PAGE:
With almost every kind of public gathering now being strongly frowned upon, individuals, governments, companies and other organisations are rapidly trying to figure out how many of these gatherings can be taken online and still be able to serve their purpose. Now since one can (or used to be able to) make money from organising events in the real world, you may wonder if the same can be done online. The answer is yes—organising, promoting and monetising online events is a potentially profitable line of business which also happens to require way fewer resources to get off the ground than its offline counterpart.

To organize an event and make money from it you need five things: a platform to host the event, an audience, a topic or subject matter, one or more presenters or speakers and a way to make money off the event.

A platform

Several platforms exist which you can use to host virtual events. The platform you ultimately choose will depend on several factors such as the following:

  • The number of presenters
  • The devices (PC or mobile) which you expect attendees will be using
  • The number of people you expect to attend
  • Your budget
  • How much of the presentation will be live and how much will be pre-recorded material
  • Whether or not you allow active participation from the audience

Most of the software you have gotten accustomed to using so-far has probably been the free variety; shopping for the right platform to host a webinar will pop that bubble. For instance, Google, the name that epitomizes free stuff on the internet, will only let you host up to 250 people for free on its Google Meet service. If all the free options on the most popular platforms don’t cover your needs, you will need to start looking for your debit card.

Your audience

An online event needs people to attend it for it to be considered a success. The number of people who attend the event is the most common metric for determining how successful it was. Also, remember that such events won’t promote themselves no matter how potentially interesting or exciting they sound. You need to find various ways of getting the word out about every one of the events you organise. When it’s necessary, you can pay for online advertising, contact blogs which are most likely to be read by your target audience to promote your upcoming event, reach out to influencers, ask friends and colleagues to spread the message etc. If you already have a platform or a sizeable social media following, you are in luck as you can leverage this in promoting your events; in fact, online event organising and promotion might be one of the best ways for people to monetise their social media presences.

The subject

When selecting the subject matter of the event, remember that it must be compelling enough to draw a sizeable audience. Nowadays the internet is full of all manner of information, so try to give people something they can’t easily get on any other part of the web. You can pick general interest topics—in which case you usually have to draw in larger amounts of people to make any money—or you can target more niche audiences, which are usually far more willing to purchase tickets even for virtual events. In Zimbabwe, you can’t go wrong with subjects like entrepreneurship, motivation, self-help, personal finance, forex trading, public speaking, home manufacturing of products, religion etc.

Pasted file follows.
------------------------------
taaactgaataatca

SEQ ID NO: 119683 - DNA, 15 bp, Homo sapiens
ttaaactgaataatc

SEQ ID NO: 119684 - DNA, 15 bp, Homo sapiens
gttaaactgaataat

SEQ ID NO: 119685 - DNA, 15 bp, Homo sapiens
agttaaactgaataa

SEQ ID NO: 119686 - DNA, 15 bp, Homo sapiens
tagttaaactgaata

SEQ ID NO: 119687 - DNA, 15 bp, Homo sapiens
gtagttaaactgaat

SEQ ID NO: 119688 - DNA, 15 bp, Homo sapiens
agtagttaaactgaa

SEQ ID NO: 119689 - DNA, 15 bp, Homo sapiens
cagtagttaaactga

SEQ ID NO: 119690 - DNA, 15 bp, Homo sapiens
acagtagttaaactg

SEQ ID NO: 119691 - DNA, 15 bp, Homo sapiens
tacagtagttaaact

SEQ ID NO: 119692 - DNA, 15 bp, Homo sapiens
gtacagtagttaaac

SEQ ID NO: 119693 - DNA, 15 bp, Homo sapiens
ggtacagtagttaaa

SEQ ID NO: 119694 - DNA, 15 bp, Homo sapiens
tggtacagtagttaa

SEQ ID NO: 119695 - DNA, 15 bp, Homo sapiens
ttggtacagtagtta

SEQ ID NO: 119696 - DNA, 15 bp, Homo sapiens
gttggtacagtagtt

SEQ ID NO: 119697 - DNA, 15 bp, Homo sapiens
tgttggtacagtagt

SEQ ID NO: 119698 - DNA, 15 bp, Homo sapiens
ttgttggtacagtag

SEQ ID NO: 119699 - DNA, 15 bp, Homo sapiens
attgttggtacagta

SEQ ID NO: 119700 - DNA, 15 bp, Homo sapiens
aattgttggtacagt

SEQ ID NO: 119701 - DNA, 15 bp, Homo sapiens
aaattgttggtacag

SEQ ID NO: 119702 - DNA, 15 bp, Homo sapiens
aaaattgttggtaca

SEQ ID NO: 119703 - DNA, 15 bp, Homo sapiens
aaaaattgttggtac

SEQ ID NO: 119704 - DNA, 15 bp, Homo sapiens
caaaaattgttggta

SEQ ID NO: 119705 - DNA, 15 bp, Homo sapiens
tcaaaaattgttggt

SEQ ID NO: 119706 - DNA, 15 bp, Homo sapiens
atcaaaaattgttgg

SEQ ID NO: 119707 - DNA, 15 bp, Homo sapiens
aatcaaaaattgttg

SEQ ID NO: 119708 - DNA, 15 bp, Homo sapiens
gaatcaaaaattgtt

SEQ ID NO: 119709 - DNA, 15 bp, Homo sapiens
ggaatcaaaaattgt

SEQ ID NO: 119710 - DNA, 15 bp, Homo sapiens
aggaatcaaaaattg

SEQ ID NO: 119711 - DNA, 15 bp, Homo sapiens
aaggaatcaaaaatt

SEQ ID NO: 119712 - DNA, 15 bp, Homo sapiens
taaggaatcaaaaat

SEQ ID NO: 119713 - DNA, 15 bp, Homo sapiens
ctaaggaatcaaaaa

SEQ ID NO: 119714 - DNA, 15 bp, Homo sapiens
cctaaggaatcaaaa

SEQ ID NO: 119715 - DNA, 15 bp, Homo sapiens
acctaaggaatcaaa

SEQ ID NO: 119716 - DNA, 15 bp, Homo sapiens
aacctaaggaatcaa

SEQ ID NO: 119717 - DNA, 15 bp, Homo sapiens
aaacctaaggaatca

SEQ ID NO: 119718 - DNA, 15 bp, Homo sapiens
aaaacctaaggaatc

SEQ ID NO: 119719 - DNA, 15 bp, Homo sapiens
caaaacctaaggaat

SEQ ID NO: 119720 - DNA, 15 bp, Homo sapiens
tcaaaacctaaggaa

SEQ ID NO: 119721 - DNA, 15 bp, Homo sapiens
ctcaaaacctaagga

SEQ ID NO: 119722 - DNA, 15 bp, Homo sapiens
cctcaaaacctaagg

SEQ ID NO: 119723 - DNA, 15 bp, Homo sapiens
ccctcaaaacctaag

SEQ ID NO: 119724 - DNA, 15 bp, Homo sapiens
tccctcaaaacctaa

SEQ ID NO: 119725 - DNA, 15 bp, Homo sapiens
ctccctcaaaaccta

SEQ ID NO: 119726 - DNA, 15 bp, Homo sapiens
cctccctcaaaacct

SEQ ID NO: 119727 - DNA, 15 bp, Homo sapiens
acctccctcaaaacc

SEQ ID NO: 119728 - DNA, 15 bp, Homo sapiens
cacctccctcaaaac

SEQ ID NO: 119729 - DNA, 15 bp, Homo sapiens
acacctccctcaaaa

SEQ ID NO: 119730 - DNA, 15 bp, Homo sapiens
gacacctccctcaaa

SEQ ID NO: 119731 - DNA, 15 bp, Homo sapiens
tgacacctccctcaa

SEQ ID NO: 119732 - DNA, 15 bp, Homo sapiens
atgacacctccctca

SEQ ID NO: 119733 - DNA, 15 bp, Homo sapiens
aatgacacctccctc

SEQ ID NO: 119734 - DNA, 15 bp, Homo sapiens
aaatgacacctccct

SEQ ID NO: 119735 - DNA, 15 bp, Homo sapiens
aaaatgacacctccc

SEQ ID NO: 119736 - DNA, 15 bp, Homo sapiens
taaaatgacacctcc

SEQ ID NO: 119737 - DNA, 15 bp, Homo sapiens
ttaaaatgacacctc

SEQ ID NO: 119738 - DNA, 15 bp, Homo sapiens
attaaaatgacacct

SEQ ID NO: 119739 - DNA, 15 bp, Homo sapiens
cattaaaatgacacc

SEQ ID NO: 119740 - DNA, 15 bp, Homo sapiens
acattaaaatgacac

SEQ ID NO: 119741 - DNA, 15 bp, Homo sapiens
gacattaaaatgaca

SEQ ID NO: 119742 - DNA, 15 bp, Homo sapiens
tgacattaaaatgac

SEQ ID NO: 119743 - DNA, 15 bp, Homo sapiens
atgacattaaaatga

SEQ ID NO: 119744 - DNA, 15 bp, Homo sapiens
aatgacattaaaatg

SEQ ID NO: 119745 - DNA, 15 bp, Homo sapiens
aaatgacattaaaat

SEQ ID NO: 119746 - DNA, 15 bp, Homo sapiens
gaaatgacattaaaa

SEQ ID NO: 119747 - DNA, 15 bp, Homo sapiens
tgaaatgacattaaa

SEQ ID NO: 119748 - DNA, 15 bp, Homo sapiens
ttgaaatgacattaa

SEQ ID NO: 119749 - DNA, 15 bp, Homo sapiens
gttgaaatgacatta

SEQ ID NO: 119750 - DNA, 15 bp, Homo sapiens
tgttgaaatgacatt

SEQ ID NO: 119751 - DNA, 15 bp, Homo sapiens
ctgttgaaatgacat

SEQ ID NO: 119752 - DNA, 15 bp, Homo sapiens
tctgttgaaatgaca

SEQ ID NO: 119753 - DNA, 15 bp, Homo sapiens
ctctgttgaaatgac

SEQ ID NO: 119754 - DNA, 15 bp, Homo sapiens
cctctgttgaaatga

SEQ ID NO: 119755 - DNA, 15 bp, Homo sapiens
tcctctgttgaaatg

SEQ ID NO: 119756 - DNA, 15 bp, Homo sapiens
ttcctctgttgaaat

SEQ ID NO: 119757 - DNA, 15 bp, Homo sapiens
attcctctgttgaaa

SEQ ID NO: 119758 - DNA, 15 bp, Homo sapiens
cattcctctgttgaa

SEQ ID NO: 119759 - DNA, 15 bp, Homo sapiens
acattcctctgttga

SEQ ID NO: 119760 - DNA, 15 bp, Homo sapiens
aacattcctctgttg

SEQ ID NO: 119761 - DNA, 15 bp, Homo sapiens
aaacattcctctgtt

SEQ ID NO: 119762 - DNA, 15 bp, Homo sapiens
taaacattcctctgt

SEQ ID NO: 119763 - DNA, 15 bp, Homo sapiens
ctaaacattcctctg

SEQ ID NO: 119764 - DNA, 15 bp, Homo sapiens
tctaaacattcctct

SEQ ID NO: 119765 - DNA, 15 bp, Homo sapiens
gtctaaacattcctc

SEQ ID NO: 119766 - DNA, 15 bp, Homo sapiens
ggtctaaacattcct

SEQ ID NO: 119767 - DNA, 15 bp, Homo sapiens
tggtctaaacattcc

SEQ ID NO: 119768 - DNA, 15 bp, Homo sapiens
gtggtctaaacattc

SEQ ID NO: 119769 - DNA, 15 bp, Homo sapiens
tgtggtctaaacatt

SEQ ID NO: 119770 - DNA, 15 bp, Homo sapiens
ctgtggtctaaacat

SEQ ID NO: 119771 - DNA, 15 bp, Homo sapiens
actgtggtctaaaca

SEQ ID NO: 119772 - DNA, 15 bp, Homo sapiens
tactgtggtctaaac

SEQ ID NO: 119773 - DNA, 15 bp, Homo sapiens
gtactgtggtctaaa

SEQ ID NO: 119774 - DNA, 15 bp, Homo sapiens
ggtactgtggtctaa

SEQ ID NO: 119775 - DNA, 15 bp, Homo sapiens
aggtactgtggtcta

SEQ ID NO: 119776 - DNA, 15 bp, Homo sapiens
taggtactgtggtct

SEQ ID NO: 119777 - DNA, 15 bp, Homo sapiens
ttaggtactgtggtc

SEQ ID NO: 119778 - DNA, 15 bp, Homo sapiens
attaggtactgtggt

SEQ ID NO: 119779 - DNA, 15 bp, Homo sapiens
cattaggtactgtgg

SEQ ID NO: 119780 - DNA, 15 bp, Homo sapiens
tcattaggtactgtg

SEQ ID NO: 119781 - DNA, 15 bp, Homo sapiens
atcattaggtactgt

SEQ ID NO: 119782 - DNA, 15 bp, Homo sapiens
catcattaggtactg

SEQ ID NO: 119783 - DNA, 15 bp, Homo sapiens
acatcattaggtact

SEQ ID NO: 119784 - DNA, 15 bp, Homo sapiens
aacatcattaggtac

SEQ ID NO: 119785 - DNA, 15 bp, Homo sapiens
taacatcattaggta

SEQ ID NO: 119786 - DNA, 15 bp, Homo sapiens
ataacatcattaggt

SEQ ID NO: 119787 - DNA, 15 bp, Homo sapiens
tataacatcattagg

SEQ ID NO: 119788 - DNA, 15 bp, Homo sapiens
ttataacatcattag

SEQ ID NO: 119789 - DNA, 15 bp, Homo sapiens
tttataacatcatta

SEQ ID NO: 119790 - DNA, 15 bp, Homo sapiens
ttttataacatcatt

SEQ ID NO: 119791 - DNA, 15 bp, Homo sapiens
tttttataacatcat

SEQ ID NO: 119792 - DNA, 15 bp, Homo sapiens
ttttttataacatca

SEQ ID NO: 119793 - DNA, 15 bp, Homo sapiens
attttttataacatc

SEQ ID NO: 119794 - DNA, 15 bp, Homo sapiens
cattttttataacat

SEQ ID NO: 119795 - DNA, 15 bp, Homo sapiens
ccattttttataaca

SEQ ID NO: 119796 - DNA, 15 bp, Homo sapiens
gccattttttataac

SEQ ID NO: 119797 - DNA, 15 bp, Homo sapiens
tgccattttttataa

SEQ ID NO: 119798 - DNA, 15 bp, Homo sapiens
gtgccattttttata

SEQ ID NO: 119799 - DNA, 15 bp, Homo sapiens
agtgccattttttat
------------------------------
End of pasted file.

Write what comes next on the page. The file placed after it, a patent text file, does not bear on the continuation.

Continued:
The presenters

As an organiser, you can, in theory, also present on your events but that will get tired quickly, so it’s better that you invite other people to participate in your events. The people you can try to persuade to present on your events include motivational speakers, socialites, pastors, authors, musicians, successful business people, politicians, comedians etc. The list is endless. You might even throw in a few self-professed experts for good measure. Some of these people may require compensation for their time. You can either give them a percentage of the money you earned from the event or a flat pre-agreed upon fee. However, remember that a lot of people out there are happy if you just promise them a large audience.

Making money

The most straightforward way of making money off your events is straight away charging an attendance fee. There are many ways in which you can implement this, depending on the platform which you are using. For instance, Zoom comes with a handy PayPal integration feature which allows one to join a webinar only after paying. If you intend to use YouTube to stream the event, you can create a private channel and only share the link with people who have paid (you would have to trust them not to publish it to everyone else for free).  Others ways in which you can monetize events include selling advertising space, selling merchandise and offering organisations or people the chance to sponsor the event.

In conclusion

Mastering these main five aspects of organising a virtual event i.e. getting an audience, choosing the right subject, convincing the right presenters to participate, figuring out how best to make money from it all and then doing it all over again is all that is needed to turn virtual event organising into a business. You might make losses on some events but the goal is not to completely avoid these but to ensure that your successes exceed your failures.